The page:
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Knowledge is generated through the interaction of critical and creative thinking. Evaluate this statement in two areas of knowledge.

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Introduction

TOK Essay 1. Knowledge is generated through the interaction of critical and creative thinking. Evaluate this statement in two areas of knowledge. It is important to be able to distinguish between critical and creative thinking. As an international baccalaureate student, it's important for me to apply these two ways of thinking. Rather than simply critically analyzing a lot of problems, such as solving math based on rules and equations taught, I am expected to create new ways to help me understand every subject. Though creative and critical thinking may be the two sides of the same coin, they are not identical and go hand in hand when making predictions and gaining knowledge. In one of my favorite genres of television, murder mystery, exploring the areas of human sciences and history can be used to help make predictions upon which the killer might act (creative) as well as evaluating their possible motives for doing so (critical). I shall attempt to evaluate the interaction between these two thought processes within the areas of human sciences and history in forensics. In the ABC hit show, Castle, a famous murder mystery writer accompanies a New York City detective on her cases. What draws these two together is their interest in why murderers do what they do to their victims, or their motives for murder. ...read more.

Middle

Are they experiencing any emotional distress? Are there any "tells" to their reactions? Do they have any reason to kill the victim? So, we can see how the two types of thinking interact in the process of forensics. Psychology, which is part of human sciences, comes into play when the detectives need to understand the suspects and try to find every possible explanation to the murderer's motive and get the suspect to either confess their crime or help them in their investigation. Sometimes, it's a mind game that tries to get the other player to "show his cards." The detectives need to know what works and what doesn't in order to effectively get a suspect to talk. In their experience with their job, most of the time, their intimidation and use of "threats" eventually pays off, with the exception of cases with professionals, or contract killers. Psychology is used to predict the suspects' possible next move, which is effective for cases involving tracking down a serial killer. The use of psychology, or human sciences, to gain knowledge is very limited. Because every person is unique in their actions and reactions, people cannot be expected to react the same way under the same circumstances, but there are a few generalizations that may still be useful. ...read more.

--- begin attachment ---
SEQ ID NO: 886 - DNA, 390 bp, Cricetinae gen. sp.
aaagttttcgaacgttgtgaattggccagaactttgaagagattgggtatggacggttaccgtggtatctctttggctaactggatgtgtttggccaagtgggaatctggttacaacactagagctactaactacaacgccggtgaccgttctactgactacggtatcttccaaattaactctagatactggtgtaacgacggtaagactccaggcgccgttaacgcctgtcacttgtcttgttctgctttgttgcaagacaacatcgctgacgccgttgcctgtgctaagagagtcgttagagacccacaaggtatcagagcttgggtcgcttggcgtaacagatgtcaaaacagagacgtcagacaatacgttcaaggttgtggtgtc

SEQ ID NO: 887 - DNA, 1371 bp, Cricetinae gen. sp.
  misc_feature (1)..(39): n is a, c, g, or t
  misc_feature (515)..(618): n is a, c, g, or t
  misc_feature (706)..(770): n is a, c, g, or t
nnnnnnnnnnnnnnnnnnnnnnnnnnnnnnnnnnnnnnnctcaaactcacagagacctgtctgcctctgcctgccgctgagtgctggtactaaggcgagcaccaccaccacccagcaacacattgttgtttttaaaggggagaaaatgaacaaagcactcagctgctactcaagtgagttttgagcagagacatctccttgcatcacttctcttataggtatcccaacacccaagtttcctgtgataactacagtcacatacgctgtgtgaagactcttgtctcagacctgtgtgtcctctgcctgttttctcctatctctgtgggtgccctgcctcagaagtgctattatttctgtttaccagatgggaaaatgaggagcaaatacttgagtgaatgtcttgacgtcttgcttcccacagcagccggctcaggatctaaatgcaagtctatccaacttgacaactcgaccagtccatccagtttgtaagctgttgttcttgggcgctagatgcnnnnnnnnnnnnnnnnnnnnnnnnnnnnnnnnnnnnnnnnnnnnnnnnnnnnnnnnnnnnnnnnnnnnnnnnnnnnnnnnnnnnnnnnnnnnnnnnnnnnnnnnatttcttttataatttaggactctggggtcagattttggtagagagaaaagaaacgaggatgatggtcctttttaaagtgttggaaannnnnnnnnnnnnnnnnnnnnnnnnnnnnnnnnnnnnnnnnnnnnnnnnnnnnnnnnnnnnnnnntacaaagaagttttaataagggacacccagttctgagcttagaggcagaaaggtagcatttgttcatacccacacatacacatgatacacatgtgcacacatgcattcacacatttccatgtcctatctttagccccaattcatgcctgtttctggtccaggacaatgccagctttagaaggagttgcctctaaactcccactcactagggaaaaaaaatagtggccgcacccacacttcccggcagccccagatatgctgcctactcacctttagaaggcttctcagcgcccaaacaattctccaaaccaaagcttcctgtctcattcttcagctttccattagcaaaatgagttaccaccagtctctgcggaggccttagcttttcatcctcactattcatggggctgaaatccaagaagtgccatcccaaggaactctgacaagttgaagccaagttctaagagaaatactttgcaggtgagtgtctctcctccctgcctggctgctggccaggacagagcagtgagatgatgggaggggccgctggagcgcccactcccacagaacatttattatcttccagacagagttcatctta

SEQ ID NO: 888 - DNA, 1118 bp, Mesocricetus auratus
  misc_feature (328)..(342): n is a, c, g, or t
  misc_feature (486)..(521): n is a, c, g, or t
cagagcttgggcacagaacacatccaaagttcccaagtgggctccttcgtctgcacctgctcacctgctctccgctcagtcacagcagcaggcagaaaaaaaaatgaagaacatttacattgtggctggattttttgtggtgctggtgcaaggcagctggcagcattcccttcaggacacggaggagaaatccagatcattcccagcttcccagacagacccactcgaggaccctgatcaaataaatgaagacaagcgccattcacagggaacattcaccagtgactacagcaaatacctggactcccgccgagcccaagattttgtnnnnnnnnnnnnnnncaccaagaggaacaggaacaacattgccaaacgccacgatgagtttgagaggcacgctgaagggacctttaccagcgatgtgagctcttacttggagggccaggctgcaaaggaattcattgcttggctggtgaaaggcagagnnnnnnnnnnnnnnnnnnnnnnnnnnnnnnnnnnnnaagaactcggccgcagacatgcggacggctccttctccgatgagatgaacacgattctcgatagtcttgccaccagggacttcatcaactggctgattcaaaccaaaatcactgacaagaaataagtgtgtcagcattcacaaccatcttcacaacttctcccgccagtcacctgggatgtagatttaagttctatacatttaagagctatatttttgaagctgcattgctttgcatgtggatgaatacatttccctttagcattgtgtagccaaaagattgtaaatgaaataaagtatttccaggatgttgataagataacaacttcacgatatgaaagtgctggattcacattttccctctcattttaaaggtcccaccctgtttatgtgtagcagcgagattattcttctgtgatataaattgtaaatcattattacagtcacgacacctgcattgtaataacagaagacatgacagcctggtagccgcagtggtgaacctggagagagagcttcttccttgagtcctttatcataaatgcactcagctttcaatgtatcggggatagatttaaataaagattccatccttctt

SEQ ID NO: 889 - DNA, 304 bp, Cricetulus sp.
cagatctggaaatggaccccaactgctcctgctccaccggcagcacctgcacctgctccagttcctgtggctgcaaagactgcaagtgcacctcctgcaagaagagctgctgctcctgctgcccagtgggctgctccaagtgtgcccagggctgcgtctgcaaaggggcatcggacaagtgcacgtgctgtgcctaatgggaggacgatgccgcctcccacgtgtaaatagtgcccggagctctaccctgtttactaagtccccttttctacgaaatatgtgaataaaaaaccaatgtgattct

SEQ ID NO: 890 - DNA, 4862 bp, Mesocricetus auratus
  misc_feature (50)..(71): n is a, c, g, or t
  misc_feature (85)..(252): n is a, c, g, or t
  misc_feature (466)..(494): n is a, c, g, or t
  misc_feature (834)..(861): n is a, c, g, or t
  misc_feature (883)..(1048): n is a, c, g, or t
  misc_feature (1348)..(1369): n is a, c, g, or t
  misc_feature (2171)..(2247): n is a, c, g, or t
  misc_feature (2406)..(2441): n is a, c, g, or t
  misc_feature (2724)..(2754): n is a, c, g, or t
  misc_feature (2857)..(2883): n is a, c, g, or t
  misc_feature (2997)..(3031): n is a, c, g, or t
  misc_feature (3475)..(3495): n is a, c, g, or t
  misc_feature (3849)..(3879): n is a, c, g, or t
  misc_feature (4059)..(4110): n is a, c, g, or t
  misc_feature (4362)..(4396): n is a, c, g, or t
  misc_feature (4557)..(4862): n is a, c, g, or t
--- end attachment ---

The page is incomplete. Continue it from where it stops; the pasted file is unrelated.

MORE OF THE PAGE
Conclusion

In reference to the knowledge issue, history and human sciences play an essential part in a homicide investigation because that is where explanations about why people do what they do come from and whether it's actually "normal" for the person to do it. One very good quote from the TV show helps generalize the killer's mind and allows their motives to make sense. "There are only three reasons to commit a murder: love, money, and to cover up a crime." However, I would probably include that a serial killer is somewhat with great trauma in their past, and they commit murders because their minds are unstable. Either way, this is still a very simplistic idea that addresses the history of why humans do what they do. Once the murderer's motive is verified, then the rest of the investigation would be based on evidence and analysis on how the murderer carried out this crime. Most of the knowledge that detectives gain their knowledge during the investigation come from the interaction of creative and critical thinking, which make up their occupation of being a detective, or a murder mystery novelist. Their whole thought process is engaged with these two ways of thinking and the outcome of the investigation relies on their skill to analyze the facts and find different perspectives or motives. The use of such cognitive skills or strategies must be in coexistence to increase the probability of a desirable outcome, like solving a case. ...read more.

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